Posted in | Gas Sensor

Pen-Like Sensor Changes Color when Exposed to Harmful Gases

Certain colorless, odorless, and tasteless gases, such as nerve agents, can be toxic or even lethal if humans are exposed to them. The potential to detect vapors of other kinds could prevent people from eating rotten or spoiled food.

The handy pen’s tip changes color when exposed to harmful gases. Adapted from ACS Materials Letters, 2021, DOI: 10.1021/acsmaterialslett.0c00516.

Therefore, user-friendly, portable devices could be very useful in safeguarding the public. Scientists have now developed a pen-like sensor that changes in color upon exposure to hazardous gases. The findings of the study have been described in ACS Materials Letters.

Humans lack the ability to detect various toxic vapors, like poisonous nerve agents or volatile amines emanating from spoiled foods. Thus, a sensor with the ability to detect the very minute concentrations of these gases would be valuable. Fluorescence-based sensors are a promising solution as they are cost-effective and can indicate trace amounts of compounds.

But some fluorescing compounds tend to bind together when they react with gases, which reduces their intensity, and they can necessitate complex fabrication processes. However, other fluorophores synthesize more intense light upon binding together—aggregation-induced emission fluorogens (AIEgens).

A majority of the existing detection methods based on AIEgens are liquid-based and require gases to be dissolved in solution prior to analysis, and hence are not easily portable. Therefore, Zhe Jiao, Pengfei Zhang, Haitao Feng, Ben Zhong Tang, and colleagues intended to adapt AIEgens to be combined into a needle-thin fiber, thus developing a handheld device with a tip that “turns on” when a particular gas is present.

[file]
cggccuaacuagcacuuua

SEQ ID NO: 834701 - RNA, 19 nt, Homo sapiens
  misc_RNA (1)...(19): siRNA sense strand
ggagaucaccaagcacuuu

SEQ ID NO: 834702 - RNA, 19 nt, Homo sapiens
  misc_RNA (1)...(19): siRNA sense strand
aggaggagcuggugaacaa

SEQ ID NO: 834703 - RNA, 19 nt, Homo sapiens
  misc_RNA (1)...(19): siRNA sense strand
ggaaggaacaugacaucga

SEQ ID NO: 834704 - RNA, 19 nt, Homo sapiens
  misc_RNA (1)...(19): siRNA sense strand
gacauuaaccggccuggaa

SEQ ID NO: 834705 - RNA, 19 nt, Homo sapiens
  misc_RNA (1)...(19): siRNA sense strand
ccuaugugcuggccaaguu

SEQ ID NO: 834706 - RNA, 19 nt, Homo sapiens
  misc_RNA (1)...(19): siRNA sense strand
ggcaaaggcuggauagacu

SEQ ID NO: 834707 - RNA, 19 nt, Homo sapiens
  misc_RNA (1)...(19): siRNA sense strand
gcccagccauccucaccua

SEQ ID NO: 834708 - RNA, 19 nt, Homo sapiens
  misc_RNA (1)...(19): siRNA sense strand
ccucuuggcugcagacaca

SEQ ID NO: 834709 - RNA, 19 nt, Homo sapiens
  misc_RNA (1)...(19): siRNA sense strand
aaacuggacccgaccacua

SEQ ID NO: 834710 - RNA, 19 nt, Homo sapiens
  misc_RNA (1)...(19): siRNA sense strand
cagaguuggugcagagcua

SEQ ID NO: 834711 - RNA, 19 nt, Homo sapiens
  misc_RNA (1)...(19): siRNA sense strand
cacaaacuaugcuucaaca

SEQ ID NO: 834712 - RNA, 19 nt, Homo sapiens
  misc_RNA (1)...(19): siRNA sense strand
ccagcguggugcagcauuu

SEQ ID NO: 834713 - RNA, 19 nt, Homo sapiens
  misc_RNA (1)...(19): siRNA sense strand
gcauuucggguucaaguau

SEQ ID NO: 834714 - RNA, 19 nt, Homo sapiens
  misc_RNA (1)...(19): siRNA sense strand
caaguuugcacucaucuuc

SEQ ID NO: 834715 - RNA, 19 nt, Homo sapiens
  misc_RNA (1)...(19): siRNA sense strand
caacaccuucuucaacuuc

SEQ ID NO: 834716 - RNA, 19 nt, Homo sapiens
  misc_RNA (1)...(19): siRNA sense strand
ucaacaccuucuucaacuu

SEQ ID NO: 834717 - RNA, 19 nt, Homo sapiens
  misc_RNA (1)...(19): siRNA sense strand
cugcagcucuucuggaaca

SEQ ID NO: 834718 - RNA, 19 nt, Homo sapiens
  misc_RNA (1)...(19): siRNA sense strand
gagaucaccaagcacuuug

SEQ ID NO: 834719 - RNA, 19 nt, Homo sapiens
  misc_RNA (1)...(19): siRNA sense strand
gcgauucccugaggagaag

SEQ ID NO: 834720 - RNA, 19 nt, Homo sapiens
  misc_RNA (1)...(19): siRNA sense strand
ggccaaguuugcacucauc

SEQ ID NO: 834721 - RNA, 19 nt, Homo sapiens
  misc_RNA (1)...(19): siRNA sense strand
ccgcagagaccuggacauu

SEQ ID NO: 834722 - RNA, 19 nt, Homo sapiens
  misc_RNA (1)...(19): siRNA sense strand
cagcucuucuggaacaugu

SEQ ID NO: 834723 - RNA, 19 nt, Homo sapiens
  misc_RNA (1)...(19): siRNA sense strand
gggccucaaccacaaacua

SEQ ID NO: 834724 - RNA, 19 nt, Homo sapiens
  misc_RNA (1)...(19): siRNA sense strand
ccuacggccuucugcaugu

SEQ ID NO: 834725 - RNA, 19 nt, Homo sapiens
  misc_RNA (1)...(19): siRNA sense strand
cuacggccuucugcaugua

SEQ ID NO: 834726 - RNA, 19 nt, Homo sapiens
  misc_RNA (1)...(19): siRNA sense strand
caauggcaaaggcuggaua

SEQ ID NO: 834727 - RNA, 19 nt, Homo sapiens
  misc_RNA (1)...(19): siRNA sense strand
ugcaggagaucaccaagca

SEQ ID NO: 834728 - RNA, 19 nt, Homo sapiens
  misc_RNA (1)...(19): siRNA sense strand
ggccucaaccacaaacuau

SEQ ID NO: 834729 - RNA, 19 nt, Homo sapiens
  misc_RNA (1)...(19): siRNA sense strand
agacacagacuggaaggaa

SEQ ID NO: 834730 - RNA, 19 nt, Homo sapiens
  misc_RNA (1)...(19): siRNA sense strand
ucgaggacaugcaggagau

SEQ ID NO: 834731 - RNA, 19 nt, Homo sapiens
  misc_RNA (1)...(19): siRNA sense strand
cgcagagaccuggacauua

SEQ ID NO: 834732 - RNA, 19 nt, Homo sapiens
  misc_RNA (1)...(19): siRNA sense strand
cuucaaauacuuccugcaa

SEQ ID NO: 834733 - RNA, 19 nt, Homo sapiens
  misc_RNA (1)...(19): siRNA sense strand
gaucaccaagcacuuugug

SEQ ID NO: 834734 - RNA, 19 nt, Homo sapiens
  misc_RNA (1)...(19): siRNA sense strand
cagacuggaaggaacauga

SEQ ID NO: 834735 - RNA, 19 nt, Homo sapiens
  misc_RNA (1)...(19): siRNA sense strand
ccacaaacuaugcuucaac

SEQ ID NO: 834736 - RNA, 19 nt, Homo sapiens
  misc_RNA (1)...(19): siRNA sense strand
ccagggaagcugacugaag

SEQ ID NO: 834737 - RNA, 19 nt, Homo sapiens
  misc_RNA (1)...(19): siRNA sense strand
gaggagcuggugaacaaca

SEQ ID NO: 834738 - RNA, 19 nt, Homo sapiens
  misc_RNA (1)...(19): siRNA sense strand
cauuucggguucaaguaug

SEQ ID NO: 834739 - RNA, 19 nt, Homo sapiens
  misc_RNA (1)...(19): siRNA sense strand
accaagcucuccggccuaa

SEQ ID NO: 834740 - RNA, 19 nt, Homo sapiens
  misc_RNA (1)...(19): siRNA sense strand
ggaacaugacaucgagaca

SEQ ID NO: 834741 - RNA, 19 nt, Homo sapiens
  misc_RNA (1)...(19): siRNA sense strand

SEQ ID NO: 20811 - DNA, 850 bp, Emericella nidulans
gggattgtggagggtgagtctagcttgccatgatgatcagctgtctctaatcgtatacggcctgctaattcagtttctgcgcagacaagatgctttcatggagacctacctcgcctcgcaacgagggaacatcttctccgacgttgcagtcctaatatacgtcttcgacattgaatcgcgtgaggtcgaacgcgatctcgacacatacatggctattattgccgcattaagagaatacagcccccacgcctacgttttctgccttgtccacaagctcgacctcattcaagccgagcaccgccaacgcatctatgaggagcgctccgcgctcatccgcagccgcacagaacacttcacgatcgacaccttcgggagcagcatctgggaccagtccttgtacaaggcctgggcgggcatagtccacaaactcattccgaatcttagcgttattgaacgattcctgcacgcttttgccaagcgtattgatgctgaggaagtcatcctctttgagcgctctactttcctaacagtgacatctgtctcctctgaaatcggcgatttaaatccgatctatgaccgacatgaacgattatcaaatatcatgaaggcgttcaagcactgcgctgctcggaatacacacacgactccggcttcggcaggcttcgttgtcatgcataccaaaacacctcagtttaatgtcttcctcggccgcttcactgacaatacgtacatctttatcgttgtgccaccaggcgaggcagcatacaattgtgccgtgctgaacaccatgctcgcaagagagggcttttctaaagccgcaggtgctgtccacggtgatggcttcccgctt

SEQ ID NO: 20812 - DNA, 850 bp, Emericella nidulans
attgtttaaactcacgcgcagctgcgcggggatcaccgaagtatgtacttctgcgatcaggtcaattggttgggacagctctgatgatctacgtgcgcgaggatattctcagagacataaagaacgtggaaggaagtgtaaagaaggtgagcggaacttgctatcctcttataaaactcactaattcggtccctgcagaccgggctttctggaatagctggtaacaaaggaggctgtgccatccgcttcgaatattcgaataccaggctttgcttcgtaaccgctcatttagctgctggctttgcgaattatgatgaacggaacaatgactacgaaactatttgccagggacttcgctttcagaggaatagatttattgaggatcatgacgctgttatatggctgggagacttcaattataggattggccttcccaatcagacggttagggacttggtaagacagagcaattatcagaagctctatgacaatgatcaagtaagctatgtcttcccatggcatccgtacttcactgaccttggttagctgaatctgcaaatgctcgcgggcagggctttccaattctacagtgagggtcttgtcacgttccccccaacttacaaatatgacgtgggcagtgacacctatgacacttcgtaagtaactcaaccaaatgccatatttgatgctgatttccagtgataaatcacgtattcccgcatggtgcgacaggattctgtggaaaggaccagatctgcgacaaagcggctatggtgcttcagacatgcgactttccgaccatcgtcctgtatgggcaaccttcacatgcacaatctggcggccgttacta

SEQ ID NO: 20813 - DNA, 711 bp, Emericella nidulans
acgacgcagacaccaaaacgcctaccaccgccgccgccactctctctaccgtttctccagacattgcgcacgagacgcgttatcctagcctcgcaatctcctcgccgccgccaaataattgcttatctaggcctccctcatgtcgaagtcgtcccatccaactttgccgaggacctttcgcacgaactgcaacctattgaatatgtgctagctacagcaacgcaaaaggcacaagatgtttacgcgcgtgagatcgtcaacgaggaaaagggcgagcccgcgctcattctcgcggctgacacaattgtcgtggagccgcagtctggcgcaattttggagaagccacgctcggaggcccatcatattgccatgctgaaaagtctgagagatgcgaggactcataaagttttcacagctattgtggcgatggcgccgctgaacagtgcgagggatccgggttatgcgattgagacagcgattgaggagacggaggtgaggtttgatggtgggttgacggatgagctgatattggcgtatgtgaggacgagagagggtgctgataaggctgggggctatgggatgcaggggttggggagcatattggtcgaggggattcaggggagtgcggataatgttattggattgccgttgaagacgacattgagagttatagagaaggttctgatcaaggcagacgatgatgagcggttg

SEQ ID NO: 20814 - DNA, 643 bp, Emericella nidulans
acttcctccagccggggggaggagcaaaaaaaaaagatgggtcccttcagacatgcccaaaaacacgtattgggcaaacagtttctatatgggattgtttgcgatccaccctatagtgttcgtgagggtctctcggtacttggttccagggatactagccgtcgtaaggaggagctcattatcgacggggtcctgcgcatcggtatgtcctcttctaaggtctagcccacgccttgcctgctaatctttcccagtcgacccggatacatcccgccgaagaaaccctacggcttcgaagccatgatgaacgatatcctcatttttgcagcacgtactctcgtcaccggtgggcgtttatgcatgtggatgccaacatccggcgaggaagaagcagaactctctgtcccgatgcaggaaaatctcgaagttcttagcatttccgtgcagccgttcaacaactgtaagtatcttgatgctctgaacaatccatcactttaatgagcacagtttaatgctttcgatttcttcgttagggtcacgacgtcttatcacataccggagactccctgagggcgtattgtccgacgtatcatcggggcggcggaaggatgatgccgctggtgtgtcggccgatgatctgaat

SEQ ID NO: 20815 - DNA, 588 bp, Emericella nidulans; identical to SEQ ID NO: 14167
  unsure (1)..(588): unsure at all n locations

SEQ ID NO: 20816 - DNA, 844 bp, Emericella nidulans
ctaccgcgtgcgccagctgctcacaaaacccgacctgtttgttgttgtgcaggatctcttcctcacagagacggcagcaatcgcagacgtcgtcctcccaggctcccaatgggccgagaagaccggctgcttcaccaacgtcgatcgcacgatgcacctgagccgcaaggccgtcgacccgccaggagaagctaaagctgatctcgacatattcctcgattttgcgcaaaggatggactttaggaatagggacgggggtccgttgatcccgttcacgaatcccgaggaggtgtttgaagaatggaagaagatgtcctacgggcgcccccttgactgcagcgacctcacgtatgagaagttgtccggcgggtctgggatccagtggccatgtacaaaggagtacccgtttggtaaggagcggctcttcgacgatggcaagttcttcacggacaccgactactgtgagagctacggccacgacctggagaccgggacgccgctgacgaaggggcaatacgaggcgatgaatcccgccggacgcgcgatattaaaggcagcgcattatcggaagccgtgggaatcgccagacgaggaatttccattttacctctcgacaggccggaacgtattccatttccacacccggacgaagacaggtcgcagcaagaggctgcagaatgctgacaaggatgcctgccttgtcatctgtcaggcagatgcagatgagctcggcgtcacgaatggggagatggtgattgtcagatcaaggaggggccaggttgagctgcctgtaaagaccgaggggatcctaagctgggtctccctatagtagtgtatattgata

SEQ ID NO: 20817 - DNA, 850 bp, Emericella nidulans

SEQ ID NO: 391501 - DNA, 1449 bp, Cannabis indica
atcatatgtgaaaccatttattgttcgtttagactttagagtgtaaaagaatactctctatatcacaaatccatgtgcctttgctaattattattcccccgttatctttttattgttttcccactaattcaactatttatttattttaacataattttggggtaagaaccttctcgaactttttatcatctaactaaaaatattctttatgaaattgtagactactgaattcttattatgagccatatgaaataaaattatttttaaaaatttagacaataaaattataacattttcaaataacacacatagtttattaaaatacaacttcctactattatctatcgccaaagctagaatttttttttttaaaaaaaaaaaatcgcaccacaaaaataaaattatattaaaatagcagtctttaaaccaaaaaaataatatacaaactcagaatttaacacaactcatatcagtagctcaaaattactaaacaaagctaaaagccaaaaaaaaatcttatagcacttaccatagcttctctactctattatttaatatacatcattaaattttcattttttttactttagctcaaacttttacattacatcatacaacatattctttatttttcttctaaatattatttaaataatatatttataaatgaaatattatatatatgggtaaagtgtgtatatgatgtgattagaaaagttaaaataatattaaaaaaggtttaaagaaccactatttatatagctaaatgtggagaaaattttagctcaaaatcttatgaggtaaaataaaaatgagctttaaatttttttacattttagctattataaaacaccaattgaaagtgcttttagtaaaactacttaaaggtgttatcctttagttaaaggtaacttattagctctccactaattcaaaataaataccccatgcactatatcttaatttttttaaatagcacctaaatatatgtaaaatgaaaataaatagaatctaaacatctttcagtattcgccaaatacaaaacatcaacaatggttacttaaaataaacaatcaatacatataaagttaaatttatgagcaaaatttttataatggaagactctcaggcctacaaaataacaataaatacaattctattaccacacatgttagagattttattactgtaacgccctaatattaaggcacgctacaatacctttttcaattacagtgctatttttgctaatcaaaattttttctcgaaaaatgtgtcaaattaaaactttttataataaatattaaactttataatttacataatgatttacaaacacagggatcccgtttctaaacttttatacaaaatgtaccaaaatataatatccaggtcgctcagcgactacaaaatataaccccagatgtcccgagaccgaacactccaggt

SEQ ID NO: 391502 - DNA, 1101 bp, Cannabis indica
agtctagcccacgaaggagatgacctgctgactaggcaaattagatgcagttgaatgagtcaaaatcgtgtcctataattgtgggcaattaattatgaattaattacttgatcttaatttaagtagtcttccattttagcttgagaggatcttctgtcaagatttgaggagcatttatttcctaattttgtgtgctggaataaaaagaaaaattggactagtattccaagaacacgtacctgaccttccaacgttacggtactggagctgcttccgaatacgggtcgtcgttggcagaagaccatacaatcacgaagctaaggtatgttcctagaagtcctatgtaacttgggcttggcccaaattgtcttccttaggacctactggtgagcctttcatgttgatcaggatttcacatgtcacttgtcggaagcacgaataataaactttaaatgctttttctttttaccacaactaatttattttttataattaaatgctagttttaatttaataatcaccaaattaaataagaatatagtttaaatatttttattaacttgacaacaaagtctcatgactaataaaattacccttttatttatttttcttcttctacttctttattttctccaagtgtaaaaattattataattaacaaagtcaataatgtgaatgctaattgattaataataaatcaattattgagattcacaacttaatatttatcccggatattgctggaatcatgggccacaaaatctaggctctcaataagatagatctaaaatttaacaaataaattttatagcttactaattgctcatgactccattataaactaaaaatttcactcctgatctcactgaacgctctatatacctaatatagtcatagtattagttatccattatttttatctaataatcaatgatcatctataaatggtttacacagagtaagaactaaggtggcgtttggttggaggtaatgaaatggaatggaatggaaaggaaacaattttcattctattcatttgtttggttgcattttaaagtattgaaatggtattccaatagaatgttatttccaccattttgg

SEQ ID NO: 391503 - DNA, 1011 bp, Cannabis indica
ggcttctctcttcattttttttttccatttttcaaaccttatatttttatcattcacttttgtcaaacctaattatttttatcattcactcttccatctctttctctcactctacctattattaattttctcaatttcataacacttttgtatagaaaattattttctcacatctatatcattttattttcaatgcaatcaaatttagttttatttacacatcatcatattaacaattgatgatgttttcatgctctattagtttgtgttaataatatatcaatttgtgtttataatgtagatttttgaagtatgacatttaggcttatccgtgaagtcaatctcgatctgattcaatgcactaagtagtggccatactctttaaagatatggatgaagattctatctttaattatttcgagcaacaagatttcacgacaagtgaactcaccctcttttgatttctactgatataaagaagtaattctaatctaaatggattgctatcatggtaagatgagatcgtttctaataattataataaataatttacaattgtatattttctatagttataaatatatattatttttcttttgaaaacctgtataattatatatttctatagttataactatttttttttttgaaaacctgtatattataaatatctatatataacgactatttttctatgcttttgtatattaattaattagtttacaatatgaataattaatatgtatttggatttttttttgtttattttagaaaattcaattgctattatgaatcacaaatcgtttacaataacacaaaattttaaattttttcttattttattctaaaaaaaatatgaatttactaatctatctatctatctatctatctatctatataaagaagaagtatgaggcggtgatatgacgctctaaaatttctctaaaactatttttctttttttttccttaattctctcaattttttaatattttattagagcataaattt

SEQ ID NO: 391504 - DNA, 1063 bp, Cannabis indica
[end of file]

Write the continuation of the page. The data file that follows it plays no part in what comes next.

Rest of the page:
The researchers created two AIEgen-based “handy pens,” one for detecting the nerve agent diethyl chlorophosphite (DCP) and the other one for amines synthesized by rotting food. Initially, silicon dioxide polymer fibers were coated with a thin sol-gel layer to immobilize AIEgens. They then added an AIEgen that changes in color upon reacting with DCP on one set of fibers, and an AIEgen that reacts with amines on another set.

Then, the coated fibers were positioned at the end of a pen-like device equipped with a UV light source. The tip of the DCP sensor changed from a yellow fluorescence to blue in just 30 minutes of exposure to DCP. The tip of the amine sensor was first mild blue-gray in color but produced a vibrant yellow-colored light in just 5 minutes upon exposure to volatile amine vapors.

Both sensors returned to the original hue upon exposure to neutralizing vapors, which shows that they were reversible. Lastly, the amine-responsive handy pen was used to differentiate between a salmon sample that had been refrigerated and one that had been maintained at room temperature for 48 hours.

According to the researchers, other handy pens could be easily created with different vapor-sensitive AIEgens, which could be used for environmental monitoring, food safety, or public safety applications.

This study was financially supported by the Science and Technology Planning Project of Guangdong Province of China, Educational Commission of Guangdong Province of China, the Social Science and Technology Development Project of Dongguan, Guangdong International Cooperation Project, the Science and Technology Plan of Shenzhen, the UNSW-CAS Collaborative Research Seed Fund Program, and the Shenzhen Institute of Advanced Technology Innovation Program for Excellent Young Researchers.

Journal Reference:

Huang, X., et al. (2020) Development of Reaction-Based AIE Handy Pen for Visual Detection of Toxic Vapors. ACS Materials Letters.


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